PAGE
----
As we near the final year marker for the Millennium Development Goals, The Partnership for Maternal, Newborn and Child Health, Countdown to 2015: Maternal, Newborn and Child Survival, and the Independent Expert Review Group have released reports on the current progress of health programming to reduce the burden of death and disease, the gaps in programming, financing and infrastructure, and opportunities to accelerate impact as we move towards the MDG deadline and the formation of the Sustainable Development Goals for 2030.
Newborn deaths and stillbirths are reducing at a slower rate than under-5 deaths and maternal deaths. Now is the time for the global health community to prioritize this unfinished agenda. The action plan sets out a vision of a world in which there are no preventable deaths of newborns or stillbirths, where every pregnancy is wanted, every birth celebrated, and women, babies and children survive, thrive and reach their full potential. Nearly 3 million lives could be saved each year if the actions in the plan are implemented and its goals and targets achieved.
This report looks at causes of death and coverage of key interventions for mother and newborn and highlights initiatives by governments, civil society and the private sector to accelerate progress on child survival. Neonatal deaths account for 44 per cent of all under-five deaths, so addressing neonatal mortality is a crucial component to ending preventable child deaths. This report not only discusses levels and trends in under-five and neonatal mortality since 1990, but it also analyzes key interventions for mothers and their newborns, highlighting a gap between contact with the health system and the quality of care received.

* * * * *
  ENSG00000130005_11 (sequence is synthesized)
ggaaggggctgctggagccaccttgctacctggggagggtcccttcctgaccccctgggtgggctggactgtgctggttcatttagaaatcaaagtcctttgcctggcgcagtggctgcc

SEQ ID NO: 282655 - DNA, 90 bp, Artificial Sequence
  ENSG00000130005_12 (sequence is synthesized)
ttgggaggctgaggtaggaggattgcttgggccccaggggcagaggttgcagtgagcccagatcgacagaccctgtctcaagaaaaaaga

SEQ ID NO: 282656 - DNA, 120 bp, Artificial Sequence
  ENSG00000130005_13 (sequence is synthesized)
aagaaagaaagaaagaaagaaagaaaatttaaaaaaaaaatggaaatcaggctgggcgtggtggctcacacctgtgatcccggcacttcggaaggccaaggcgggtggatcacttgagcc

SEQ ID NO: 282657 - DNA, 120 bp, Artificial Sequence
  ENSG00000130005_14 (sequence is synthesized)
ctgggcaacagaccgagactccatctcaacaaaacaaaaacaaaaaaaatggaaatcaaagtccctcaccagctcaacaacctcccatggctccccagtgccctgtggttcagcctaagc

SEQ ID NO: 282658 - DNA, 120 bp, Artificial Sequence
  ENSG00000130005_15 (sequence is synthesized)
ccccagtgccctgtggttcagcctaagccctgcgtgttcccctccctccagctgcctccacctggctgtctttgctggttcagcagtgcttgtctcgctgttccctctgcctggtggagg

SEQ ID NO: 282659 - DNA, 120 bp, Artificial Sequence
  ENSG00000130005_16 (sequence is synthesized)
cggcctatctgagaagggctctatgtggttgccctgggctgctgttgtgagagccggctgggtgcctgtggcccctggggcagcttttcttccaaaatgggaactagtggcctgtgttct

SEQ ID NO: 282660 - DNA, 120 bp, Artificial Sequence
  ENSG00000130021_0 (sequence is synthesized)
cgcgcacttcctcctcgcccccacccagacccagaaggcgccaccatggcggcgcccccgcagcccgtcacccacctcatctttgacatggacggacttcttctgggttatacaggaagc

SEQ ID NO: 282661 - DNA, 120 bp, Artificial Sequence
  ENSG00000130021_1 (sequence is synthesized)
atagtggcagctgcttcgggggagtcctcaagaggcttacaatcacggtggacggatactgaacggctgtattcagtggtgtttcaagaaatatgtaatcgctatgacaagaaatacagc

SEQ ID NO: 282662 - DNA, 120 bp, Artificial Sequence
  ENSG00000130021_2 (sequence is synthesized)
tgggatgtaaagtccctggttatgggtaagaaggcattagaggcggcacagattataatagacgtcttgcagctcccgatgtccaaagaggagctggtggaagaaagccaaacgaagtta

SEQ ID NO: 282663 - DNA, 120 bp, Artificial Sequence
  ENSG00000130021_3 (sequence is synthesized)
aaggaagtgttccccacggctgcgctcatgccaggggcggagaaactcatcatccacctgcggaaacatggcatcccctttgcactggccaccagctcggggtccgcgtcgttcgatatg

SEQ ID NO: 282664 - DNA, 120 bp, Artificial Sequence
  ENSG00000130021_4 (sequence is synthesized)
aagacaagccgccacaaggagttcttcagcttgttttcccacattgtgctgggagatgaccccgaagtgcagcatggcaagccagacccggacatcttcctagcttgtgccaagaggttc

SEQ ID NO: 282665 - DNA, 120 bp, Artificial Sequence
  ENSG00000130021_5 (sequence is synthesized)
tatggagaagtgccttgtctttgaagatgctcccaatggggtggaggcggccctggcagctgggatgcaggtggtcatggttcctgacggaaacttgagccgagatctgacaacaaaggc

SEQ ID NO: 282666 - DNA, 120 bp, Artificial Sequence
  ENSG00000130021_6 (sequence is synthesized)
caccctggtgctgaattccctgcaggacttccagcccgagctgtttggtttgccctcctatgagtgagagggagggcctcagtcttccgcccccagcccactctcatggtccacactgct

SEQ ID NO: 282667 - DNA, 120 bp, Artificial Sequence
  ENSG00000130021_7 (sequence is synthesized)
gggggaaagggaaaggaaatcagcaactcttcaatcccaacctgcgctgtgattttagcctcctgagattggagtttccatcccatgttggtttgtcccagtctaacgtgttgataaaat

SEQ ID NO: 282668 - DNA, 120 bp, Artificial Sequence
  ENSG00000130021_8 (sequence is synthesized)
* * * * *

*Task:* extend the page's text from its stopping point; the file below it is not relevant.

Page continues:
Tracking Financial Commitments to the Global Strategy for Women’s and Children’s Health (The Partnership for Maternal, Newborn and Child Health)
The report focuses on the commitments made to the Global Strategy for Women and Children’s Health that were specifically expressed in financial terms. It provides (i) an update on the estimated value of financial commitments, (ii) the progress made in their disbursement and implementation, (iii) an analysis of how these commitments have affected financing for reproductive, maternal, newborn, and child health (RMNCH) more broadly, and (iv) an assessment of the degree to which financial commitments and overall RMNCH funding are aligned with the priorities spelled out in the Global Investment Framework for Women’s and Children’s Health (GIF), and the Global Health 2035 roadmap, published by The Lancet Commission on Investing in Health (CIH).
Fulfilling the Health Agenda for Women and Children: The 2014 Report (Countdown to 2015: Maternal, Newborn and Child Survival)
The 2014 Report includes an updated, detailed profile for each of the 75 Countdown countries, which together account for more than 95% of the global burden of maternal, newborn and child death. The report shows that progress has been impressive in some areas, but it also highlights the vast areas of unfinished business that must be prioritized in the post-2015 framework. The 2014 Report also provides an assessment of the state of the data to support evidence-based decisions in women’s and children’s health, and describes elements of the Countdown process that might inform ongoing efforts to hold the world to account for progress. It concludes by laying out concrete action steps that can be taken now to ensure continued progress for women and children in the years ahead.
Every Woman, Every Child: A Post-2015 Vision (iERG Report 2014)
The third report reviews progress towards: MDGs 4 and 5, the delivery of commitments made to the UN SG’s Global Strategy, COIA recommendations, and recommendations of the UN Commission on Life-Saving Commodities. For the first time it sets out the iERG’s vision for women’s and children’s health beyond 2015. It focuses on two issues – the health of women and children, and accountability. The report also provides an overview of the very first iERG’s country visits – Malawi and Peru – made by the iERG teams with the objective of understanding more about their progress towards meeting the CoIA recommendations. The iERG puts forth six new recommendations, in addition to those made in 2012 and 2013, and reviews how the recommendations made in the past two years have been received and responded to by partners.